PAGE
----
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Figure 4: Superoxide generation in rat serum caused by corticosterone injection. A, control; B, rats injected by corticosterone; C, Fe(NO3)3-added A; D, Fe(NO3)3-added B. *p<0.05 vs A, **p<0.01 vs B; means ± SE, n = 9 for each group of rats.

Mentions: As it has been reported that human serum albumin and/or polypeptides are glycated by glucose nonenzymatically in vitro, followed by superoxide generation, and that generation of superoxide was accelerated by the presence of ferric ions [24], the increased serum glucose levels in this study most likely produced superoxide via glycation reactions with serum protein of rats administered corticosterone. As shown in Fig. 4, when rats were injected with corticosterone, levels of superoxide in the serum increased markedly compared to controls (Fig. 4, column B). Control sera mixed with ferric ions showed high levels of superoxide (Fig. 4, column C), but following addition of ferric ions to sera from rats injected with corticosterone, superoxide levels were more markedly increased (Fig. 4, column D). These results indicate that increased glucose in the serum after corticosterone administration reacted nonenzymatically with serum proteins via a glycation reaction to induce excess levels of superoxide.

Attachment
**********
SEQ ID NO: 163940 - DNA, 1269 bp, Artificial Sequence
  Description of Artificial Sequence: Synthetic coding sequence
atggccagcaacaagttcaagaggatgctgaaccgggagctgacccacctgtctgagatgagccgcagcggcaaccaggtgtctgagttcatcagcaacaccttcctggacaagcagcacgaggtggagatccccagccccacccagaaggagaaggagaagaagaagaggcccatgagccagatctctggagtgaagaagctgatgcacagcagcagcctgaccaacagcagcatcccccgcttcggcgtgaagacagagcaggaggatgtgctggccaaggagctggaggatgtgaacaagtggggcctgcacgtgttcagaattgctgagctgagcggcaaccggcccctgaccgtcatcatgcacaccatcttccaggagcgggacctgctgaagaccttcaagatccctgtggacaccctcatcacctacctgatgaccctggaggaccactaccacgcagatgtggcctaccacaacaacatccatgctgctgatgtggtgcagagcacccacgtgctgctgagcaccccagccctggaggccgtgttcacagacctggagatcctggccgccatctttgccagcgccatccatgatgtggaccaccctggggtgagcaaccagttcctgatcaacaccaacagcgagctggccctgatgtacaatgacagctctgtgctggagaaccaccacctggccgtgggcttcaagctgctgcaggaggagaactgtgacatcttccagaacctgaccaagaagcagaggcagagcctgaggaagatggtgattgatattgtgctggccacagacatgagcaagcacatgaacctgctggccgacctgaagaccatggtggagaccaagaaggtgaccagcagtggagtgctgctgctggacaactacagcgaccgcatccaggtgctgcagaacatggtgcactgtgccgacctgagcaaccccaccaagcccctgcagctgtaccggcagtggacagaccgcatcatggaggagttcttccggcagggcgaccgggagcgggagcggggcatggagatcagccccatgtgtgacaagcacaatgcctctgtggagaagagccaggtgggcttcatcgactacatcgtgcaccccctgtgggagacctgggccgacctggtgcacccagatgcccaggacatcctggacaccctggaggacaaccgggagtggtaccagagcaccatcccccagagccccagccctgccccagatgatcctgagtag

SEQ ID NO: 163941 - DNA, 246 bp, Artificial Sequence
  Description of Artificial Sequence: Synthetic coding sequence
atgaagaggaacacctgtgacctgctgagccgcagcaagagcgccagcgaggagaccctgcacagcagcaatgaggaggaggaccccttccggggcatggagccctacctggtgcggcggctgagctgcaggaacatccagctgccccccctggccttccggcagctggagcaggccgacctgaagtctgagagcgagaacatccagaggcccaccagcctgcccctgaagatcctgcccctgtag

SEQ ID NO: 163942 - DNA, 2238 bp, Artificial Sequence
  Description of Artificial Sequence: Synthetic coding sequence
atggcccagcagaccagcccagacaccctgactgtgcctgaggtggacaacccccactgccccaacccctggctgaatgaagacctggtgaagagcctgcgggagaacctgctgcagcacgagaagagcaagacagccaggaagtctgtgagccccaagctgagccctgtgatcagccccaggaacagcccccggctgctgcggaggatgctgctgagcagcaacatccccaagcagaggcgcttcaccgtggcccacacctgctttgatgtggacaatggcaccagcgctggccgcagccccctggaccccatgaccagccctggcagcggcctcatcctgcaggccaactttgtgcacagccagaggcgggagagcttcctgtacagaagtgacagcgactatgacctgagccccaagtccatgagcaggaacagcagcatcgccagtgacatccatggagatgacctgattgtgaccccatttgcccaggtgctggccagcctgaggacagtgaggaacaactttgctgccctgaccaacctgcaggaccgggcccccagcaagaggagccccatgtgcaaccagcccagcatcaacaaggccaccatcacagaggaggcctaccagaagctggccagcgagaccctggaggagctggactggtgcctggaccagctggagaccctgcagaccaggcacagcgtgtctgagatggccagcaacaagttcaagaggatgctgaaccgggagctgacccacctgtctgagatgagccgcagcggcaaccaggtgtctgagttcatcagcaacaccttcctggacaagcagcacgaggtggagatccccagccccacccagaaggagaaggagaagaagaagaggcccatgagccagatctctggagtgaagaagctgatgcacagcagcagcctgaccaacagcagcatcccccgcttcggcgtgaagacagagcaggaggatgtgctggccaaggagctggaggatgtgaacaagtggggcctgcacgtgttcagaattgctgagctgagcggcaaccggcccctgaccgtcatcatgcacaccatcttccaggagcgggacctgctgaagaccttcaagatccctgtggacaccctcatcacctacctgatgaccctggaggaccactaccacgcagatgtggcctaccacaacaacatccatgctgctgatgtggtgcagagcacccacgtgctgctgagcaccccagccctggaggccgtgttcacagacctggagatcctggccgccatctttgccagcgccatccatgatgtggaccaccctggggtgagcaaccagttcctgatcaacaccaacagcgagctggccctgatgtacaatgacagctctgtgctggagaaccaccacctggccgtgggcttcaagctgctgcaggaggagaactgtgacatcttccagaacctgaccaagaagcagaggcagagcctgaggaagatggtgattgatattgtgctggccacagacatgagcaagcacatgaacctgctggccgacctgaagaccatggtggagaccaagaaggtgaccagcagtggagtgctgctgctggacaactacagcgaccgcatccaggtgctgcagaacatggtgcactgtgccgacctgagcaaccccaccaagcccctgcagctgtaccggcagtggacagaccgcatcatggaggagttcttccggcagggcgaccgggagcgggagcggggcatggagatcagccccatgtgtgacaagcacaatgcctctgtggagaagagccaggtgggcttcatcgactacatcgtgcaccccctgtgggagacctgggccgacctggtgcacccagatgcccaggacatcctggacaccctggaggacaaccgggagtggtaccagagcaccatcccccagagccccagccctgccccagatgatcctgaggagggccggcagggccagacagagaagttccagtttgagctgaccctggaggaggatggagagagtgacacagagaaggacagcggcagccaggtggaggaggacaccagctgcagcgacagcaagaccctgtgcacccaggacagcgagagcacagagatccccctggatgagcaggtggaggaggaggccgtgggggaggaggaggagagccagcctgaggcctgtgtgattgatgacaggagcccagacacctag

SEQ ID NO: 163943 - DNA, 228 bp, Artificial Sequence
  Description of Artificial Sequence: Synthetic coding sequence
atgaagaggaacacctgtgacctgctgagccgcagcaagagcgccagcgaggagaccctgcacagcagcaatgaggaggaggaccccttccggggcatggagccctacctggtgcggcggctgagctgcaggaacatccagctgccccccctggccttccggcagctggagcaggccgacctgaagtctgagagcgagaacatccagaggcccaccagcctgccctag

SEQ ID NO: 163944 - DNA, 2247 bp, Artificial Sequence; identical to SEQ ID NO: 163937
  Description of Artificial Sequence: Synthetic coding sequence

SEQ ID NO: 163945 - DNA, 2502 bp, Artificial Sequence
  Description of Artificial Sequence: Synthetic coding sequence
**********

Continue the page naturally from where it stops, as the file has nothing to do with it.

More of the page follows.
Glucocorticoid Generates ROS to Induce Oxidative Injury in the Hippocampus, Leading to Impairment of Cognitive Function of Rats.

Sato H, Takahashi T, Sumitani K, Takatsu H, Urano S - J Clin Biochem Nutr (2010)

Superoxide generation in rat serum caused by corticosterone injection. A, control; B, rats injected by corticosterone; C, Fe(NO3)3-added A; D, Fe(NO3)3-added B. *p<0.05 vs A, **p<0.01 vs B; means ± SE, n = 9 for each group of rats.
© Copyright Policy - open-access
Related In: Results  -  Collection

Show All Figures
getmorefigures.php?uid=PMC2966932&req=5

Figure 4: Superoxide generation in rat serum caused by corticosterone injection. A, control; B, rats injected by corticosterone; C, Fe(NO3)3-added A; D, Fe(NO3)3-added B. *p<0.05 vs A, **p<0.01 vs B; means ± SE, n = 9 for each group of rats.
Mentions: As it has been reported that human serum albumin and/or polypeptides are glycated by glucose nonenzymatically in vitro, followed by superoxide generation, and that generation of superoxide was accelerated by the presence of ferric ions [24], the increased serum glucose levels in this study most likely produced superoxide via glycation reactions with serum protein of rats administered corticosterone. As shown in Fig. 4, when rats were injected with corticosterone, levels of superoxide in the serum increased markedly compared to controls (Fig. 4, column B). Control sera mixed with ferric ions showed high levels of superoxide (Fig. 4, column C), but following addition of ferric ions to sera from rats injected with corticosterone, superoxide levels were more markedly increased (Fig. 4, column D). These results indicate that increased glucose in the serum after corticosterone administration reacted nonenzymatically with serum proteins via a glycation reaction to induce excess levels of superoxide.